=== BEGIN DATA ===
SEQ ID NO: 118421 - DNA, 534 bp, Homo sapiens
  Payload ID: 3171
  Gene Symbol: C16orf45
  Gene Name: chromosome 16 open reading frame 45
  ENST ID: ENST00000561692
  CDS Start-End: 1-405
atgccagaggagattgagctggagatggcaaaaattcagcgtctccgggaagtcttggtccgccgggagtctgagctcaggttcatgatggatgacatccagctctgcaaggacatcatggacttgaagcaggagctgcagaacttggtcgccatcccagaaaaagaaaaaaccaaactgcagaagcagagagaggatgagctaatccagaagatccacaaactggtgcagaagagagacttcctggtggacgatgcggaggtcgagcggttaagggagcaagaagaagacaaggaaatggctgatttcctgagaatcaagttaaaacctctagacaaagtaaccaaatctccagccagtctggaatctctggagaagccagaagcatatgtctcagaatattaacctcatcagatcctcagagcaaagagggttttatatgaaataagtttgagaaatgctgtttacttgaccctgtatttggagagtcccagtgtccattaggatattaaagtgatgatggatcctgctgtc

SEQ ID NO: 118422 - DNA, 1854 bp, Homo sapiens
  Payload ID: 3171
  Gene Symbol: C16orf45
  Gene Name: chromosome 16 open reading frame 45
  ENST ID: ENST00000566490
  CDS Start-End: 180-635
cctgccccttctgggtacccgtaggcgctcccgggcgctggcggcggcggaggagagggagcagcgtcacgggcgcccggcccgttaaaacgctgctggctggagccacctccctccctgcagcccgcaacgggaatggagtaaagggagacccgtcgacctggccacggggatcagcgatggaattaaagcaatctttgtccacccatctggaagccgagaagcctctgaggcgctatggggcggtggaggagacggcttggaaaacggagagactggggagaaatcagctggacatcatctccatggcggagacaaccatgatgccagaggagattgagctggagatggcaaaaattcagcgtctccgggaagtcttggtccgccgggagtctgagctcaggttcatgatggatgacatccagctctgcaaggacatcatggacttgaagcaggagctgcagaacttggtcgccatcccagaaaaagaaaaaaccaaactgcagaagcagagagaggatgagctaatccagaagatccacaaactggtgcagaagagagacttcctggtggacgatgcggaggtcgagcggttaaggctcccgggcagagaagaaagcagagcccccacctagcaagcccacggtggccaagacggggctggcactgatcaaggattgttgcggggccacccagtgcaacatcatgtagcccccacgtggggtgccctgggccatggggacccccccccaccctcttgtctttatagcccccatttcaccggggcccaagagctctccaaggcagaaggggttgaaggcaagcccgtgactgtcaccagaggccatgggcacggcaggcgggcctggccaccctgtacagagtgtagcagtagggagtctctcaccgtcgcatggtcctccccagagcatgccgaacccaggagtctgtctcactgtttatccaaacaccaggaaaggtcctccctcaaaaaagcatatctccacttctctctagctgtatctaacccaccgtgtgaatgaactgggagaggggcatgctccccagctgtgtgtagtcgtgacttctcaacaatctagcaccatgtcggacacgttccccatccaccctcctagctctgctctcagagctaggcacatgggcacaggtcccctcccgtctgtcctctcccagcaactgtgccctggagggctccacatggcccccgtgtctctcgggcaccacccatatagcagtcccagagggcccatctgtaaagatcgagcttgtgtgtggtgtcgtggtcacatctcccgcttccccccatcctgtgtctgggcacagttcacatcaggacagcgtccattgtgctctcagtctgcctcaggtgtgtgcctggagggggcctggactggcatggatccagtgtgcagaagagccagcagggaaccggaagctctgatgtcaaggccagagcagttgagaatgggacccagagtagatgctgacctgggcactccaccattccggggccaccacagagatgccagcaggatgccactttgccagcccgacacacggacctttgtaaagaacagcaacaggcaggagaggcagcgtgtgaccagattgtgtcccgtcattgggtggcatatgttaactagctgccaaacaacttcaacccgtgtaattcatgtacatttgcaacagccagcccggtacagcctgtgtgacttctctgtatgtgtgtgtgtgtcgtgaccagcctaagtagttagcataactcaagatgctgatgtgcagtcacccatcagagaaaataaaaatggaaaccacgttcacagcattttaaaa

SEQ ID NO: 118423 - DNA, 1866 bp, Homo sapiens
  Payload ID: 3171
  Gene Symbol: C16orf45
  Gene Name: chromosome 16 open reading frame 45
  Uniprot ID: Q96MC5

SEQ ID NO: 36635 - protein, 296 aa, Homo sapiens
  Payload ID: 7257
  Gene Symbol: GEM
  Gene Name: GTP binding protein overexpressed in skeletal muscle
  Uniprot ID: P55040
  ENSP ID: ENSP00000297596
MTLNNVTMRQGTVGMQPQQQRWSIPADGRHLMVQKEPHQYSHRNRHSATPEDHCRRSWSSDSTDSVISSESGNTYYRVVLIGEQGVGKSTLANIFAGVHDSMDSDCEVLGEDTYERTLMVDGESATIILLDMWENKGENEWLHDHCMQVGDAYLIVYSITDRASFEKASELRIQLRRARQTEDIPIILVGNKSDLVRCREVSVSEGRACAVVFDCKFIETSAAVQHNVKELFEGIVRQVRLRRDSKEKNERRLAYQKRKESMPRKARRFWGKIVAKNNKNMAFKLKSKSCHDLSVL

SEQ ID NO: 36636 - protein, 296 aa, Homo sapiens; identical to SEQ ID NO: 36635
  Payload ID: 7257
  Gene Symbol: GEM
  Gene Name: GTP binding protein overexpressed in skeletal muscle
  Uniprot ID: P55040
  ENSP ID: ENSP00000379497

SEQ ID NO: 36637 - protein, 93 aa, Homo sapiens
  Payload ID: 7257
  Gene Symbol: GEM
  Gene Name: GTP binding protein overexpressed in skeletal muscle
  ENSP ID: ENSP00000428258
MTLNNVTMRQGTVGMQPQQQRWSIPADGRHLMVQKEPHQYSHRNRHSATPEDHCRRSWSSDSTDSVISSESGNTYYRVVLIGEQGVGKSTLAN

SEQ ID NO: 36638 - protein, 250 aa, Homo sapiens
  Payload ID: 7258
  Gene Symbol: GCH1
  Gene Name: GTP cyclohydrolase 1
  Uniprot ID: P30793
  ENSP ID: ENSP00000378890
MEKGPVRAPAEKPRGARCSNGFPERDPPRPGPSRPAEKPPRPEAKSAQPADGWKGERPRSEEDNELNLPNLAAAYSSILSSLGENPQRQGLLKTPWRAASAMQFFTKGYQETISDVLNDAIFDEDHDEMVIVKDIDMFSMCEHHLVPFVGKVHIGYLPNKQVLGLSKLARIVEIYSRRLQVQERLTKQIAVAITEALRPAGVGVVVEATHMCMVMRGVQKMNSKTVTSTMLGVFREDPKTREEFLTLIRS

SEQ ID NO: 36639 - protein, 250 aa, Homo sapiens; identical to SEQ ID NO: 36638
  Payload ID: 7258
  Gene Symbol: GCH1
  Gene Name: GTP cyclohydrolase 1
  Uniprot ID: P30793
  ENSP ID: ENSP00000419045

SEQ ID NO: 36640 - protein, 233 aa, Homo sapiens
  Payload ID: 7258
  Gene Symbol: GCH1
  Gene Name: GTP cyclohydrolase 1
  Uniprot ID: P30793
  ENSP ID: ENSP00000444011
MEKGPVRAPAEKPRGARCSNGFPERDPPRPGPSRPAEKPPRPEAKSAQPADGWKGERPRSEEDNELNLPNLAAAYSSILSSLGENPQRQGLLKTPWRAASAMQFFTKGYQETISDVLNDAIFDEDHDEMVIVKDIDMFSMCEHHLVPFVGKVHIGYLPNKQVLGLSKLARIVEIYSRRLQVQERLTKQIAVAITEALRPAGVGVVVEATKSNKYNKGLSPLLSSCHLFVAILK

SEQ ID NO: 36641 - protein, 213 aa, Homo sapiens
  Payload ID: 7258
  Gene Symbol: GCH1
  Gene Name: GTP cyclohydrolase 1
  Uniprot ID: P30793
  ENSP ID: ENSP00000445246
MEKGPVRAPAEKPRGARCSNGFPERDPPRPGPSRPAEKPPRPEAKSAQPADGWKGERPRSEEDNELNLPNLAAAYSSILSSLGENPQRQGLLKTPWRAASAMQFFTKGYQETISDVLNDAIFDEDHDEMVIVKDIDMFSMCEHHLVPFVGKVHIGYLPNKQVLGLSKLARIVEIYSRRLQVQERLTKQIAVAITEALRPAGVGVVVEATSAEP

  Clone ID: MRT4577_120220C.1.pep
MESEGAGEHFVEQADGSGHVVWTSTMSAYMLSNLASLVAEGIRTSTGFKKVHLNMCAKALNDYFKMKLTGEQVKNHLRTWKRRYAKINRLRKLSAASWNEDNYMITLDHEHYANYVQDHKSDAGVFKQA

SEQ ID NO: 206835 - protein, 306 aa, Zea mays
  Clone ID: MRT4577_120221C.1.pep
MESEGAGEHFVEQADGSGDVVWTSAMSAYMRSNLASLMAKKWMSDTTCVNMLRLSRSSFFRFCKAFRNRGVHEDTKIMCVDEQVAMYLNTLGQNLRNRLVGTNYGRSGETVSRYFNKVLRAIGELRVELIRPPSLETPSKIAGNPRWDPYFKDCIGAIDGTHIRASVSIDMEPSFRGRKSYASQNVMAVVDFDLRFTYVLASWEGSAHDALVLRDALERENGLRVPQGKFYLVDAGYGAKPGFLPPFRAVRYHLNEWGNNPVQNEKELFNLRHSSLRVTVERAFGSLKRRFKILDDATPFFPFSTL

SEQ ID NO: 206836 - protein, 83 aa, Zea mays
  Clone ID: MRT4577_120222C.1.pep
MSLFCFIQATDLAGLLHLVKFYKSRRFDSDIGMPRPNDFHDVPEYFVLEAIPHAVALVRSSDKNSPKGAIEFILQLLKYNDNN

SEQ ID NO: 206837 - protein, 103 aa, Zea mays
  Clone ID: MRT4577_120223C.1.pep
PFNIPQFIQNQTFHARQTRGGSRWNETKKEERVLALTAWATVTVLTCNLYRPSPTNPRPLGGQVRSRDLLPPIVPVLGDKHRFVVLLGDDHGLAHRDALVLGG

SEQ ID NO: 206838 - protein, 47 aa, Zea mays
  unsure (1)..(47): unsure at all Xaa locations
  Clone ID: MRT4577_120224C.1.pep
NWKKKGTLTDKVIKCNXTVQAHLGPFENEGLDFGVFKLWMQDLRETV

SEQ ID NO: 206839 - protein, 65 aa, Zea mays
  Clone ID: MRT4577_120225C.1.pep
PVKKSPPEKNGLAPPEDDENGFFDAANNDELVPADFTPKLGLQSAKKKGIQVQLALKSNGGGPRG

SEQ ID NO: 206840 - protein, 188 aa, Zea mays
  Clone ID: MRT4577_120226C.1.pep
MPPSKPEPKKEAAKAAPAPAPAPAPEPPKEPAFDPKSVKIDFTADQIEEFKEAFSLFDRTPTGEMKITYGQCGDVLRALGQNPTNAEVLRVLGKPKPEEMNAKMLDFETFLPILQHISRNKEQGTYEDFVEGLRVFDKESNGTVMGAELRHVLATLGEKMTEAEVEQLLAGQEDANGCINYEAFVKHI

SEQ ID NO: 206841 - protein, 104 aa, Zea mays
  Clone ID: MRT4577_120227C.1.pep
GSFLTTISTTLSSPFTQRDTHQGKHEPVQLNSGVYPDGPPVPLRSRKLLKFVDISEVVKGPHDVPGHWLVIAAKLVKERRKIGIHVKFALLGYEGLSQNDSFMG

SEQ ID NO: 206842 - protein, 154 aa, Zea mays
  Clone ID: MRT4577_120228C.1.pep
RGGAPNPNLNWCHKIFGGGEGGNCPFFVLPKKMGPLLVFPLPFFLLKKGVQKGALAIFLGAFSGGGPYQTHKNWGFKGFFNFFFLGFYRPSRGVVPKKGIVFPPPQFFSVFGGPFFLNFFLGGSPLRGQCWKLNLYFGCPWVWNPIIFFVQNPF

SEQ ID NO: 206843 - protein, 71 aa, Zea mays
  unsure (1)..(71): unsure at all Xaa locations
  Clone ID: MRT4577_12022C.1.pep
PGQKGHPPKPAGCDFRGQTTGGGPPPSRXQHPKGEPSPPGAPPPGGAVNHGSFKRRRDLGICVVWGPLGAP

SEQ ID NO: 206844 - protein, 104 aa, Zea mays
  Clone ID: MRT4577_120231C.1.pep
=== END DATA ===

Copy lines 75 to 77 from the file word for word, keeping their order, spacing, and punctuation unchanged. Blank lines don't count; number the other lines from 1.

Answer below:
  Clone ID: MRT4577_120223C.1.pep
PFNIPQFIQNQTFHARQTRGGSRWNETKKEERVLALTAWATVTVLTCNLYRPSPTNPRPLGGQVRSRDLLPPIVPVLGDKHRFVVLLGDDHGLAHRDALVLGG

SEQ ID NO: 206838 - protein, 47 aa, Zea mays